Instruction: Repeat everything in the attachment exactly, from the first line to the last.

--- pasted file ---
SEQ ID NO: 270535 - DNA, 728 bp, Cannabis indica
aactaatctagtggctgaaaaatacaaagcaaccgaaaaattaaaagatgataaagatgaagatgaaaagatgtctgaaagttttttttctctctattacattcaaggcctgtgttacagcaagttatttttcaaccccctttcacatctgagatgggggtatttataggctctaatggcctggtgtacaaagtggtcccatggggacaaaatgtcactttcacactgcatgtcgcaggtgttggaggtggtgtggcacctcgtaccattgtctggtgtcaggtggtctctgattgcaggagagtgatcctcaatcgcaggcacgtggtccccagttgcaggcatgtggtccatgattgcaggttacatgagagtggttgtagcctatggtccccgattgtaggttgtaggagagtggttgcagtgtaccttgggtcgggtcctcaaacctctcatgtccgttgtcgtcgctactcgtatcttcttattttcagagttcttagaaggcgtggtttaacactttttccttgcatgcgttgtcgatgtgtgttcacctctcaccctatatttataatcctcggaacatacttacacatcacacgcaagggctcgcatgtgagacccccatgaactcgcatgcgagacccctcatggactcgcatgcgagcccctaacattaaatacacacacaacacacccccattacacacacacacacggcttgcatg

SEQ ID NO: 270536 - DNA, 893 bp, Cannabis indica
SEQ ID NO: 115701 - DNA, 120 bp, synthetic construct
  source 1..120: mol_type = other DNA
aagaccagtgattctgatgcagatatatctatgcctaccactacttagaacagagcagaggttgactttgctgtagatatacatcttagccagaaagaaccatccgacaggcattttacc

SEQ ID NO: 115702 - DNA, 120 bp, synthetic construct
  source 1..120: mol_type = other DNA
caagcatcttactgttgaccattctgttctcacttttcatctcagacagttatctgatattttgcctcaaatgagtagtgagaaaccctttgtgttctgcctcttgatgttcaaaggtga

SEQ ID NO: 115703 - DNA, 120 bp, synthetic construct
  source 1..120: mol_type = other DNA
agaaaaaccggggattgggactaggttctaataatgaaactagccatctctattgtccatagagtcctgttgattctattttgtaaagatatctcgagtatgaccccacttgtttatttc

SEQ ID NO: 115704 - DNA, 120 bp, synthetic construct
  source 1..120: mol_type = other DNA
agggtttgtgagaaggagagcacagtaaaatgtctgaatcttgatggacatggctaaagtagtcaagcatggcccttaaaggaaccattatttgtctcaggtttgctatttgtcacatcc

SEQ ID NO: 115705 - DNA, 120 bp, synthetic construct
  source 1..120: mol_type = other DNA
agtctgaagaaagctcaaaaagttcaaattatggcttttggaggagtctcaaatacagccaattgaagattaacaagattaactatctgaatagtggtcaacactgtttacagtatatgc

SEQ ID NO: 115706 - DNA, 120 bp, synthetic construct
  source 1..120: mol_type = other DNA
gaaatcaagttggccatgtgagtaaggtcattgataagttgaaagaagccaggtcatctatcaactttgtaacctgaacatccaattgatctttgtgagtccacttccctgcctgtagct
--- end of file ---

SEQ ID NO: 270535 - DNA, 728 bp, Cannabis indica
aactaatctagtggctgaaaaatacaaagcaaccgaaaaattaaaagatgataaagatgaagatgaaaagatgtctgaaagttttttttctctctattacattcaaggcctgtgttacagcaagttatttttcaaccccctttcacatctgagatgggggtatttataggctctaatggcctggtgtacaaagtggtcccatggggacaaaatgtcactttcacactgcatgtcgcaggtgttggaggtggtgtggcacctcgtaccattgtctggtgtcaggtggtctctgattgcaggagagtgatcctcaatcgcaggcacgtggtccccagttgcaggcatgtggtccatgattgcaggttacatgagagtggttgtagcctatggtccccgattgtaggttgtaggagagtggttgcagtgtaccttgggtcgggtcctcaaacctctcatgtccgttgtcgtcgctactcgtatcttcttattttcagagttcttagaaggcgtggtttaacactttttccttgcatgcgttgtcgatgtgtgttcacctctcaccctatatttataatcctcggaacatacttacacatcacacgcaagggctcgcatgtgagacccccatgaactcgcatgcgagacccctcatggactcgcatgcgagcccctaacattaaatacacacacaacacacccccattacacacacacacacggcttgcatg

SEQ ID NO: 270536 - DNA, 893 bp, Cannabis indica
SEQ ID NO: 115701 - DNA, 120 bp, synthetic construct
  source 1..120: mol_type = other DNA
aagaccagtgattctgatgcagatatatctatgcctaccactacttagaacagagcagaggttgactttgctgtagatatacatcttagccagaaagaaccatccgacaggcattttacc

SEQ ID NO: 115702 - DNA, 120 bp, synthetic construct
  source 1..120: mol_type = other DNA
caagcatcttactgttgaccattctgttctcacttttcatctcagacagttatctgatattttgcctcaaatgagtagtgagaaaccctttgtgttctgcctcttgatgttcaaaggtga

SEQ ID NO: 115703 - DNA, 120 bp, synthetic construct
  source 1..120: mol_type = other DNA
agaaaaaccggggattgggactaggttctaataatgaaactagccatctctattgtccatagagtcctgttgattctattttgtaaagatatctcgagtatgaccccacttgtttatttc

SEQ ID NO: 115704 - DNA, 120 bp, synthetic construct
  source 1..120: mol_type = other DNA
agggtttgtgagaaggagagcacagtaaaatgtctgaatcttgatggacatggctaaagtagtcaagcatggcccttaaaggaaccattatttgtctcaggtttgctatttgtcacatcc

SEQ ID NO: 115705 - DNA, 120 bp, synthetic construct
  source 1..120: mol_type = other DNA
agtctgaagaaagctcaaaaagttcaaattatggcttttggaggagtctcaaatacagccaattgaagattaacaagattaactatctgaatagtggtcaacactgtttacagtatatgc

SEQ ID NO: 115706 - DNA, 120 bp, synthetic construct
  source 1..120: mol_type = other DNA
gaaatcaagttggccatgtgagtaaggtcattgataagttgaaagaagccaggtcatctatcaactttgtaacctgaacatccaattgatctttgtgagtccacttccctgcctgtagct